And then you remember that this is an offbeat sitcom starring and created by Will Forte, and you should have seen Phil moving from “How can I get them to listen to my apology?” to “I could hold them at gunpoint” faster than Snow spits rhymes coming from a mile away. I almost wish they hadn’t gone to commercial immediately, because there was really no suspense over what was about to happen: Forte’s manic energy is made for a scene like this, and the writing crisply merged the heartfelt emotion of the previous scenes with both the nervous energy of a hostage situation and the comedy of this all being bundled together. It’s a funny scene, but it also never fully loses the edge of danger, making it a wholly unsettling note on which to end a complicated half-hour of comic television.
“Dead Man Walking” reaffirms that The Last Man On Earth is a better show when it’s not centered exclusively on Phil, once again allowing Carol to play a more central role and expanding its point-of-view accordingly. However, it also acknowledges that the show will always be a struggle over its center: not only is it about Phil and Carol working out the balance of their relationship, but it’s also about understanding where that relationship sits relative to the “community” around them. This episode doesn’t do a lot to isolate any single one of the returning characters, but rather reintroduces them as a jury of Phil’s peers, a role they’ll likely continue to play with Phil locked in medieval stocks at episode’s end, and a role that hopefully the show can reconcile better than it managed last season.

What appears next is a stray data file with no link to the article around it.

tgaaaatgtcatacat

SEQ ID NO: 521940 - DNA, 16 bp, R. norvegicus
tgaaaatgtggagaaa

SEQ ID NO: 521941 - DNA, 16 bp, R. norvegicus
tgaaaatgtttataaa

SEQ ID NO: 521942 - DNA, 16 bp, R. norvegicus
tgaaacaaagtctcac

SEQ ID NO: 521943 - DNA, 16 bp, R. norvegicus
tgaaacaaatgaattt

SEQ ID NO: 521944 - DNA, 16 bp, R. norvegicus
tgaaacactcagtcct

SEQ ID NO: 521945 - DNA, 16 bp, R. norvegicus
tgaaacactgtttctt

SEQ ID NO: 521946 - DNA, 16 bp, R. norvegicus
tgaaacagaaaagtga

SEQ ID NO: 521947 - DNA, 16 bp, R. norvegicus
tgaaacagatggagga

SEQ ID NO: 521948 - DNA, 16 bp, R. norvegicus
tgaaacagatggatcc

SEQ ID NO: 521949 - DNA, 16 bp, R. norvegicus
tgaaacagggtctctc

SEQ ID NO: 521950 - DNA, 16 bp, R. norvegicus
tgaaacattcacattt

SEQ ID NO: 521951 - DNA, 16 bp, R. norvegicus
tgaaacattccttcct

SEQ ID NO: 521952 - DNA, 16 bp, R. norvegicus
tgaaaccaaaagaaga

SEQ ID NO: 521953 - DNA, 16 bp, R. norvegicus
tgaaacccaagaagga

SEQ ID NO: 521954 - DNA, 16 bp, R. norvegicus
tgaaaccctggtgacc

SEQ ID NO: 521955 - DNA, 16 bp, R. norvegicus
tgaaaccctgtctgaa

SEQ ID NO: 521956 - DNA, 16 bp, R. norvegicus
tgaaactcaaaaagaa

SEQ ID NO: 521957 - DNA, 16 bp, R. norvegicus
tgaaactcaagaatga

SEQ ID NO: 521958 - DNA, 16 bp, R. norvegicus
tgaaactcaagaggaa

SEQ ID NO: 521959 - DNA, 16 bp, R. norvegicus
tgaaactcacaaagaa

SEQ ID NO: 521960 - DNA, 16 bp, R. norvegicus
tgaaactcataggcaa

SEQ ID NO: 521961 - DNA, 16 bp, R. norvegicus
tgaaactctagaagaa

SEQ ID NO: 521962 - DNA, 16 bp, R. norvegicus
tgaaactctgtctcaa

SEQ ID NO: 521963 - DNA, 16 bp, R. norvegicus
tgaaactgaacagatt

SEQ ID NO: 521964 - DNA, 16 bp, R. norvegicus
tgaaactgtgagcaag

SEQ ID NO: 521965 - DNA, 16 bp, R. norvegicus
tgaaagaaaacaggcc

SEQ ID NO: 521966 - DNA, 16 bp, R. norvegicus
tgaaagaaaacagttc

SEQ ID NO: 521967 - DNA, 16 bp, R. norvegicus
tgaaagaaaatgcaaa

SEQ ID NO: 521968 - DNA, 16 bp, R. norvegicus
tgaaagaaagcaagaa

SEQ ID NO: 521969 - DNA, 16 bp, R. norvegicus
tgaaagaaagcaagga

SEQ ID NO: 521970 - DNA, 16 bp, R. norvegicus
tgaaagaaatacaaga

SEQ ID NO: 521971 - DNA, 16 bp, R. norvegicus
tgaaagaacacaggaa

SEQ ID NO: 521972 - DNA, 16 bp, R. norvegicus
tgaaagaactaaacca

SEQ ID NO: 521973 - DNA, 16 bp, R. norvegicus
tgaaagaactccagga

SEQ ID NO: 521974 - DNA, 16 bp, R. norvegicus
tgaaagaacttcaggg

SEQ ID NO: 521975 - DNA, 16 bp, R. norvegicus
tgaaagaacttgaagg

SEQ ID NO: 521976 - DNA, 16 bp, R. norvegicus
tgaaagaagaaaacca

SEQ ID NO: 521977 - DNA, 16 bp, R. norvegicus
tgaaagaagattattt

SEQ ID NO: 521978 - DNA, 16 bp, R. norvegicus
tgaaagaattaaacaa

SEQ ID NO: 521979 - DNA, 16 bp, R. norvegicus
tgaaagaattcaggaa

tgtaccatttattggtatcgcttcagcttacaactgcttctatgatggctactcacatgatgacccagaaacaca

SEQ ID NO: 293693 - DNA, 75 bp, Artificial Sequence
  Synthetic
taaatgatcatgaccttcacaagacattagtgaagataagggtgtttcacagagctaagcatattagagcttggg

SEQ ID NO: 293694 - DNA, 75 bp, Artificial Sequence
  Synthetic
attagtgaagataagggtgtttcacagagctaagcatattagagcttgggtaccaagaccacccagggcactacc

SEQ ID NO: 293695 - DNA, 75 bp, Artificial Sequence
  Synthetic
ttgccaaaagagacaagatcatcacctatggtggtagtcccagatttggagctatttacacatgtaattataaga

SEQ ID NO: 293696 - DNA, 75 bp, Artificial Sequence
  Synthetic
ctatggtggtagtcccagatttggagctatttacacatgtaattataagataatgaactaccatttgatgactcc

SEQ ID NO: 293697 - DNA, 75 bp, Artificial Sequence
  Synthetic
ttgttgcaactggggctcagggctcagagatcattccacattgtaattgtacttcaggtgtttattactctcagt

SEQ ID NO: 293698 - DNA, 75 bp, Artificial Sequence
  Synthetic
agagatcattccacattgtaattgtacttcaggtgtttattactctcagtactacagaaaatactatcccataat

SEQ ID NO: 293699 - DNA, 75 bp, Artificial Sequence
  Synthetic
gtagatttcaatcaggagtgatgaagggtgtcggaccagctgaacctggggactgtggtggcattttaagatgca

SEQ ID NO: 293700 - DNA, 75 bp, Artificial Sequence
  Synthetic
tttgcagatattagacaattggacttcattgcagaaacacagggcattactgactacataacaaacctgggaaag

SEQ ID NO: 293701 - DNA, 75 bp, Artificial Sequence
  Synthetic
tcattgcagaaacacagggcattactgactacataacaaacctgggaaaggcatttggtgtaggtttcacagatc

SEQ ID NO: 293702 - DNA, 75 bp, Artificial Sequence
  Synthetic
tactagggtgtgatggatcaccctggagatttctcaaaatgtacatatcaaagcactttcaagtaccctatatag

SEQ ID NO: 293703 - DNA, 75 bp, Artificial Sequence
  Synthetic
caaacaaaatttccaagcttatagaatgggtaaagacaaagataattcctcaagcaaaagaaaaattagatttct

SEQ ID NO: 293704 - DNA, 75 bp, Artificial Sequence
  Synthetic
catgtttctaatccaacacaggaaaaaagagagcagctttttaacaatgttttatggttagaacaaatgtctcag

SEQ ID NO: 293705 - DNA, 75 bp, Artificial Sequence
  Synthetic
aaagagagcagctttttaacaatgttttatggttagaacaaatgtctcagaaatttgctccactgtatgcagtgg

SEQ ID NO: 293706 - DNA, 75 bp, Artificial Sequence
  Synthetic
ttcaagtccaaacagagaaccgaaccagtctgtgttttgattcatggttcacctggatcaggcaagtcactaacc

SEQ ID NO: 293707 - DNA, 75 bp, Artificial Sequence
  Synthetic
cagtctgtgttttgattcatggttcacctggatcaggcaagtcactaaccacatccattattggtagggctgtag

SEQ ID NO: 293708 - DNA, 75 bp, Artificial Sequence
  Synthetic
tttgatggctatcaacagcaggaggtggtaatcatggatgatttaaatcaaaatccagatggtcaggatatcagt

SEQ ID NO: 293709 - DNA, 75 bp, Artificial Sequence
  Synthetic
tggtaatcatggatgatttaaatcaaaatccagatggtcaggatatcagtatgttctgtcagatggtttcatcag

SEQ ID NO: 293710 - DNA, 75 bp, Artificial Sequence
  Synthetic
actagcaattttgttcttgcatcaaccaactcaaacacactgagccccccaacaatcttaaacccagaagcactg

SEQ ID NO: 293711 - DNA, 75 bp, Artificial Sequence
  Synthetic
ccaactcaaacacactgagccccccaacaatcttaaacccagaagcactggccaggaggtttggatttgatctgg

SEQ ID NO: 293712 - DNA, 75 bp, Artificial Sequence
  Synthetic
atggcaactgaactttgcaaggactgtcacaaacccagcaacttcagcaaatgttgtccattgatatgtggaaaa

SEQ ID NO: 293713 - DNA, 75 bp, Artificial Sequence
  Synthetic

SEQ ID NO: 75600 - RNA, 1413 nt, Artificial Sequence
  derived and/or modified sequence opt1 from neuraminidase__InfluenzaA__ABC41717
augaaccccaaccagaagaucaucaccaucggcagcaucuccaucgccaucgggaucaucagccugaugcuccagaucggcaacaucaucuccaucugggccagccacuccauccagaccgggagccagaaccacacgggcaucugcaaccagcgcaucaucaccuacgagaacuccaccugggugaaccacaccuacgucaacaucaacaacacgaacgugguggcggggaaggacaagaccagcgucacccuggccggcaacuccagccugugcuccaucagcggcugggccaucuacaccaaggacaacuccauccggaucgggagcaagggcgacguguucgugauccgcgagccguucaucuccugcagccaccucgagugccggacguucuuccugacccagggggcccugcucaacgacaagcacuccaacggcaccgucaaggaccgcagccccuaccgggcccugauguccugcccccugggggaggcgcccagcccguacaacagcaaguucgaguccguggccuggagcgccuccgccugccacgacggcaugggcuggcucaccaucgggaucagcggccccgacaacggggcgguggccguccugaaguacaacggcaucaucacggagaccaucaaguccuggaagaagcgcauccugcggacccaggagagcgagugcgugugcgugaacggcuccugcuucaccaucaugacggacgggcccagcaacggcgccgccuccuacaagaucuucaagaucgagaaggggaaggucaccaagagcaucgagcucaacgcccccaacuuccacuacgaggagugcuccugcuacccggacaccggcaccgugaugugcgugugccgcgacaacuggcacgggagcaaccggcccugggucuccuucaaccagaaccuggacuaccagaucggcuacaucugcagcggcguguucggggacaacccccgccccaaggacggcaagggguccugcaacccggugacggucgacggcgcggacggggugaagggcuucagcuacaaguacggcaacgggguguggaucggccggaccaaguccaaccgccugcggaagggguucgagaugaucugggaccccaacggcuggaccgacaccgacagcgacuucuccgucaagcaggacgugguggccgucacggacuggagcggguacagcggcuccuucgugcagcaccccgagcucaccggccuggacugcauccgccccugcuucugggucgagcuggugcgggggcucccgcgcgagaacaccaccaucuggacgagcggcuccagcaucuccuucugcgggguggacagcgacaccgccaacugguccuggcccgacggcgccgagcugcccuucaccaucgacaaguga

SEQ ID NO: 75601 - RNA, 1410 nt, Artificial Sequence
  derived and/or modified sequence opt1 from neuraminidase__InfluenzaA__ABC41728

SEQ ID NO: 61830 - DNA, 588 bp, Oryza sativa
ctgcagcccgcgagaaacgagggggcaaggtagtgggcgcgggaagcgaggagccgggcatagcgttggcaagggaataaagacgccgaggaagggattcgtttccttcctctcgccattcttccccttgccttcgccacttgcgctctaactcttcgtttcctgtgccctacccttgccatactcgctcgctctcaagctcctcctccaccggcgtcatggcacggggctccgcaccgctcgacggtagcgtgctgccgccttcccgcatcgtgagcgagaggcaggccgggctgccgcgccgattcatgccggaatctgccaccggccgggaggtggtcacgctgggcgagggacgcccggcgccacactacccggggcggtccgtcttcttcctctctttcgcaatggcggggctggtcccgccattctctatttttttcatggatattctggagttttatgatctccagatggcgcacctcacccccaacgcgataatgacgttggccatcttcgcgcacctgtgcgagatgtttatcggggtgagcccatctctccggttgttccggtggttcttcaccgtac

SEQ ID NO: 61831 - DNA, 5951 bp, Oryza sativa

- While some shows would use flashbacks to show us what happened to this group between Tucson and Malibu, that doesn’t really seem to be in the cards here. That having been said, Todd and Melissa—the two characters we had the strongest handle on—don’t get a whole lot of time here, and we never see any of the characters interacting alone without Carol or Phil, so we’ll see what emerges in the weeks to come.
- So, given that Phil and Carol were gone for six months, isn’t a little strange that there’s been no talk of pregnancy? Are there issues with conception, or is that no longer the group’s primary goal? You would think that for Melissa and Erica, this would have been perceived as a priority for the future of humanity.
- So while Schaal was great here—“That’s my favorite red and white horse shirt!”—I feel like Mary Steenburgen has just been getting some great material. First she’s playing “Informer” on the accordion, and then she’s delivering that monologue about how Gordon was great except for all the ways he was actually a racist chauvinist. Lots of fun.
- “You’re a regular Brad Garrett today”—I know this is intended as a slam against Brad Garrett, and I’m not against that, but let the record show that Brad Garrett has a good presence in season two of Fargo.
- “Yet another canyon handstand statistic”—I could just quote Carol lines all night, folks.
- “Well, you’re in the minority on that—most people remember “Beat It,” or “P.Y.T.!”—see?
- My thanks to Vikram for letting me fill in—he’ll be back next week.